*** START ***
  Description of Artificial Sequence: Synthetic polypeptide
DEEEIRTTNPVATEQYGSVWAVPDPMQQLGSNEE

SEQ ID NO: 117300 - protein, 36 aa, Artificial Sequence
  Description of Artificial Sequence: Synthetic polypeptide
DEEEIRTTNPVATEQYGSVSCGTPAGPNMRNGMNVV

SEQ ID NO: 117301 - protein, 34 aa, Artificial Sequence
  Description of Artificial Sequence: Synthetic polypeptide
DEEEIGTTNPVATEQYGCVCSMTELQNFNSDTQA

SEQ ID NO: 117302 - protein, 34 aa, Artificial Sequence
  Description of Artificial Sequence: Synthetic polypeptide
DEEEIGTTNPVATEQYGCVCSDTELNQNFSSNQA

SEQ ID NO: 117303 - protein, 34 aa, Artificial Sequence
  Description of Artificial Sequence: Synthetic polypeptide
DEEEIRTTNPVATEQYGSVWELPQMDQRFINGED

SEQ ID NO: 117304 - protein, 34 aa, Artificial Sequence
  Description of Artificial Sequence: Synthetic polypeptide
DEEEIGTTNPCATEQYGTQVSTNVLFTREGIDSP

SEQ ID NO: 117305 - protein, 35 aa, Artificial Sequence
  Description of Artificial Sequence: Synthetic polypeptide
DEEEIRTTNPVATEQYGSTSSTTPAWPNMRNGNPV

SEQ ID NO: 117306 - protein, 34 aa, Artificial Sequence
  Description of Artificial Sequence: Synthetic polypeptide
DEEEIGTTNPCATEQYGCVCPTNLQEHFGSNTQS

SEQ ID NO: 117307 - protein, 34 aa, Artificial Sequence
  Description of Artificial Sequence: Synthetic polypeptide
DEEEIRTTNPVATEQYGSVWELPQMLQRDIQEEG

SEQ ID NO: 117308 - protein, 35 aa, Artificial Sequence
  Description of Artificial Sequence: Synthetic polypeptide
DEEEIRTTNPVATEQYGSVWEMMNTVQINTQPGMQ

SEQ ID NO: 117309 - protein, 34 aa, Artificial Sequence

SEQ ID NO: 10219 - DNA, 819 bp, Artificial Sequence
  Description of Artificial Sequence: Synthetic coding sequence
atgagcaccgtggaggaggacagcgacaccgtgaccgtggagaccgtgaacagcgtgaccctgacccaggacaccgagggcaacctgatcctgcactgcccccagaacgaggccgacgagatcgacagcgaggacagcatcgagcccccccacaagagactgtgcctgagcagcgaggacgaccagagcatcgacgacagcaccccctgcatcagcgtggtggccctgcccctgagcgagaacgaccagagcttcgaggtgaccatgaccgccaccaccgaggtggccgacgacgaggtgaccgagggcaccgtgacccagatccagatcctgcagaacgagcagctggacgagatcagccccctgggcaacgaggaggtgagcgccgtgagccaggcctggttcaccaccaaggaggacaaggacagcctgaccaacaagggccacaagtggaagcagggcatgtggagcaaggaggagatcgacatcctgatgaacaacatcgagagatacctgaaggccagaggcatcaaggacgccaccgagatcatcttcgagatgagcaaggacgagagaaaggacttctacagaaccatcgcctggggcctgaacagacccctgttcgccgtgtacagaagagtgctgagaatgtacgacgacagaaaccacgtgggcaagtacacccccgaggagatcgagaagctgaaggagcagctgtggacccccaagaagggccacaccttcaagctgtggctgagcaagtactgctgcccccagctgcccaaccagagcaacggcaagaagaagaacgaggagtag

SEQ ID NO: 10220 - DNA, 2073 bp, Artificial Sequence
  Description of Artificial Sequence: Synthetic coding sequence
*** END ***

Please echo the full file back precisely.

  Description of Artificial Sequence: Synthetic polypeptide
DEEEIRTTNPVATEQYGSVWAVPDPMQQLGSNEE

SEQ ID NO: 117300 - protein, 36 aa, Artificial Sequence
  Description of Artificial Sequence: Synthetic polypeptide
DEEEIRTTNPVATEQYGSVSCGTPAGPNMRNGMNVV

SEQ ID NO: 117301 - protein, 34 aa, Artificial Sequence
  Description of Artificial Sequence: Synthetic polypeptide
DEEEIGTTNPVATEQYGCVCSMTELQNFNSDTQA

SEQ ID NO: 117302 - protein, 34 aa, Artificial Sequence
  Description of Artificial Sequence: Synthetic polypeptide
DEEEIGTTNPVATEQYGCVCSDTELNQNFSSNQA

SEQ ID NO: 117303 - protein, 34 aa, Artificial Sequence
  Description of Artificial Sequence: Synthetic polypeptide
DEEEIRTTNPVATEQYGSVWELPQMDQRFINGED

SEQ ID NO: 117304 - protein, 34 aa, Artificial Sequence
  Description of Artificial Sequence: Synthetic polypeptide
DEEEIGTTNPCATEQYGTQVSTNVLFTREGIDSP

SEQ ID NO: 117305 - protein, 35 aa, Artificial Sequence
  Description of Artificial Sequence: Synthetic polypeptide
DEEEIRTTNPVATEQYGSTSSTTPAWPNMRNGNPV

SEQ ID NO: 117306 - protein, 34 aa, Artificial Sequence
  Description of Artificial Sequence: Synthetic polypeptide
DEEEIGTTNPCATEQYGCVCPTNLQEHFGSNTQS

SEQ ID NO: 117307 - protein, 34 aa, Artificial Sequence
  Description of Artificial Sequence: Synthetic polypeptide
DEEEIRTTNPVATEQYGSVWELPQMLQRDIQEEG

SEQ ID NO: 117308 - protein, 35 aa, Artificial Sequence
  Description of Artificial Sequence: Synthetic polypeptide
DEEEIRTTNPVATEQYGSVWEMMNTVQINTQPGMQ

SEQ ID NO: 117309 - protein, 34 aa, Artificial Sequence

SEQ ID NO: 10219 - DNA, 819 bp, Artificial Sequence
  Description of Artificial Sequence: Synthetic coding sequence
atgagcaccgtggaggaggacagcgacaccgtgaccgtggagaccgtgaacagcgtgaccctgacccaggacaccgagggcaacctgatcctgcactgcccccagaacgaggccgacgagatcgacagcgaggacagcatcgagcccccccacaagagactgtgcctgagcagcgaggacgaccagagcatcgacgacagcaccccctgcatcagcgtggtggccctgcccctgagcgagaacgaccagagcttcgaggtgaccatgaccgccaccaccgaggtggccgacgacgaggtgaccgagggcaccgtgacccagatccagatcctgcagaacgagcagctggacgagatcagccccctgggcaacgaggaggtgagcgccgtgagccaggcctggttcaccaccaaggaggacaaggacagcctgaccaacaagggccacaagtggaagcagggcatgtggagcaaggaggagatcgacatcctgatgaacaacatcgagagatacctgaaggccagaggcatcaaggacgccaccgagatcatcttcgagatgagcaaggacgagagaaaggacttctacagaaccatcgcctggggcctgaacagacccctgttcgccgtgtacagaagagtgctgagaatgtacgacgacagaaaccacgtgggcaagtacacccccgaggagatcgagaagctgaaggagcagctgtggacccccaagaagggccacaccttcaagctgtggctgagcaagtactgctgcccccagctgcccaaccagagcaacggcaagaagaagaacgaggagtag

SEQ ID NO: 10220 - DNA, 2073 bp, Artificial Sequence
  Description of Artificial Sequence: Synthetic coding sequence